EML4450L14

EML4450L14 - Sustainable Energy Science and Engineering Center Direct Energy Conversion Thermionic Conversion References Direct Energy Conversion

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S ustainable E nergy S cience and E ngineering C enter Direct Energy Conversion: Thermionic Conversion References: Direct Energy Conversion by Stanley W. Angrist, Allyn and Beacon, 1982. Direct Energy Conversion by Reiner Decher,Oxford University press, 1997.
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S ustainable E nergy S cience and E ngineering C enter Basic Principle Process that converts heat directly into electrical power. Two metal electrodes separated by a narrow gap. The binding energies of the emitter and collector surfaces that act on electrons are known as the work functions of the electrode surfaces. The electrons absorbed by the collector produce a usable electrical current as they return to the emitter through an external circuit. Electrical power is produced by virtue of the potential difference between the emitter and collector. It has no mechanical moving parts. The device operates at high temperatures, generates high power and occupies only small volume.
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S ustainable E nergy S cience and E ngineering C enter Work Function An electrode surface can be thought of as atoms arranged in some orderly geometrical fashion in a lattice structure. The electrons that move in the outermost orbits of the atom are held to their respective atom by a very weak force. Hence they may leave their own orbit to enter another orbit around some other nucleus. Thus the electrons in the outermost orbits so not belong to specific atoms and are generally given the name of free electrons. For example copper has about one free electron to every atom while a semiconductor has typically one free electron to about every one million atoms.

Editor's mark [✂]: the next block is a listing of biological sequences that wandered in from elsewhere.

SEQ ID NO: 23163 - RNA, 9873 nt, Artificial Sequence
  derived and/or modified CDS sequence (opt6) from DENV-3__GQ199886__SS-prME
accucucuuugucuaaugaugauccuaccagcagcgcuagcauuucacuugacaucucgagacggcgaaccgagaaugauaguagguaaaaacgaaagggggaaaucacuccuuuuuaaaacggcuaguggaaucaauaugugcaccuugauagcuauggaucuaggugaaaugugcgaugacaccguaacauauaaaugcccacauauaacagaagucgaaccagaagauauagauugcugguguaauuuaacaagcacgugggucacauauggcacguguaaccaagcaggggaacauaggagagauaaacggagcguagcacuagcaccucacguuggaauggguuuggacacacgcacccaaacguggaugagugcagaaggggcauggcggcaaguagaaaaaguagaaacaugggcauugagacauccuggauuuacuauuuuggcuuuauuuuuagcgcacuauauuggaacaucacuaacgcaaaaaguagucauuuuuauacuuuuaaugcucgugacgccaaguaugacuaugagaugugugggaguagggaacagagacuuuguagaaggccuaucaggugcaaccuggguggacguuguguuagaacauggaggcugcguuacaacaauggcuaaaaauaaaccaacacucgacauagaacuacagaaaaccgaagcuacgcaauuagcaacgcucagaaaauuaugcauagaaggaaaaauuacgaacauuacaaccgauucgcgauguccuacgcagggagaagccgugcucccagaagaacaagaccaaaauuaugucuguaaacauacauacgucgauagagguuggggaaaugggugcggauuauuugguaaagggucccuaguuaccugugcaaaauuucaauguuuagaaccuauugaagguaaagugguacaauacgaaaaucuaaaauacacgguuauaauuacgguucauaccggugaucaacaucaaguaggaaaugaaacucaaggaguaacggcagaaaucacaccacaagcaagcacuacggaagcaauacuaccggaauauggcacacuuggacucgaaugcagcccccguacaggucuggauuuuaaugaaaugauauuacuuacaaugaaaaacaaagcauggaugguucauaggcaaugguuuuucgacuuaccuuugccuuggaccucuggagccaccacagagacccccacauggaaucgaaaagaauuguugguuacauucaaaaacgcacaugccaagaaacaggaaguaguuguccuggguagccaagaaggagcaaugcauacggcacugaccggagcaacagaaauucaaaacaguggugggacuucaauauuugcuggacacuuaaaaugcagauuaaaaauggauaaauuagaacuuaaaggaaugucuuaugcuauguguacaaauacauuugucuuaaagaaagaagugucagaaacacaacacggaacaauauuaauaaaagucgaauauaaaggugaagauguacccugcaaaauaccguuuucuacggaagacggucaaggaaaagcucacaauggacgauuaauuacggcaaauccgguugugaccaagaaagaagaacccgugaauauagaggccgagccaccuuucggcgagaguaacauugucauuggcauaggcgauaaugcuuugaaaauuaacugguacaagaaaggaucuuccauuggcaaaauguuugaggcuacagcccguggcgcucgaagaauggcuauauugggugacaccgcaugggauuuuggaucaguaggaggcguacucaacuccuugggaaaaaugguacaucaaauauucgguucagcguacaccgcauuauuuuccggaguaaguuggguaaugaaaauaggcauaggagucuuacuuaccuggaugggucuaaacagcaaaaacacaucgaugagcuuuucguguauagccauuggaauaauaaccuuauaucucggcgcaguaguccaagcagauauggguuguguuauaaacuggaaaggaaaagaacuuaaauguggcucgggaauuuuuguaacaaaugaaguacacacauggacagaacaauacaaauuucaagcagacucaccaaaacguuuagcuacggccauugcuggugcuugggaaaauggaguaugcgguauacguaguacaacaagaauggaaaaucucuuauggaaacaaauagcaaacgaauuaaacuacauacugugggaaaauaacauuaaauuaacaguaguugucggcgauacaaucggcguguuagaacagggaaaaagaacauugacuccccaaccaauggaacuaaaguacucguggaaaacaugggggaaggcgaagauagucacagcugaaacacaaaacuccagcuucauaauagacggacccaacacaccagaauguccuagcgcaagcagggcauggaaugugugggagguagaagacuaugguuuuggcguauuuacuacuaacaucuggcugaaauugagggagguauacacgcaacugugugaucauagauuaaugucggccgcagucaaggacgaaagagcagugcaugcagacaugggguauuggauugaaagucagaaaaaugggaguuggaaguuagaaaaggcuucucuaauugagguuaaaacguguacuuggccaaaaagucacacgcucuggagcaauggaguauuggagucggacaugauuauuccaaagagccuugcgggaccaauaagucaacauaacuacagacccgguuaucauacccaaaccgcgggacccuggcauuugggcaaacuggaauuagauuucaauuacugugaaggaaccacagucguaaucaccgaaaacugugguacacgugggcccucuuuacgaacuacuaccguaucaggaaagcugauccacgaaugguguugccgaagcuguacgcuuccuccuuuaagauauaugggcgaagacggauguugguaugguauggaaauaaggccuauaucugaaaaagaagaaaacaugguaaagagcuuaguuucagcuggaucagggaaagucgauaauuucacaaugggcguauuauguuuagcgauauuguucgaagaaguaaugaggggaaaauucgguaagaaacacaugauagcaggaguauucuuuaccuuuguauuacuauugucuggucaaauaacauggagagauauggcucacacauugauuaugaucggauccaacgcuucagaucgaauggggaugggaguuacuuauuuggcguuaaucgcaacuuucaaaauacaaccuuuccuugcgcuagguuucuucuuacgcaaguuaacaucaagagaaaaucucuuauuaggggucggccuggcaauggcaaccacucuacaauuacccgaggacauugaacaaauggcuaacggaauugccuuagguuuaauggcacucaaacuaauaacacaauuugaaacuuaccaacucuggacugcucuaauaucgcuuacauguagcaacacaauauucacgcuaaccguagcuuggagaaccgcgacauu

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This note was uploaded on 10/22/2011 for the course EML 4450 taught by Professor Greska during the Fall '06 term at FSU.

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EML4450L14 - Sustainable Energy Science and Engineering Center Direct Energy Conversion Thermionic Conversion References Direct Energy Conversion

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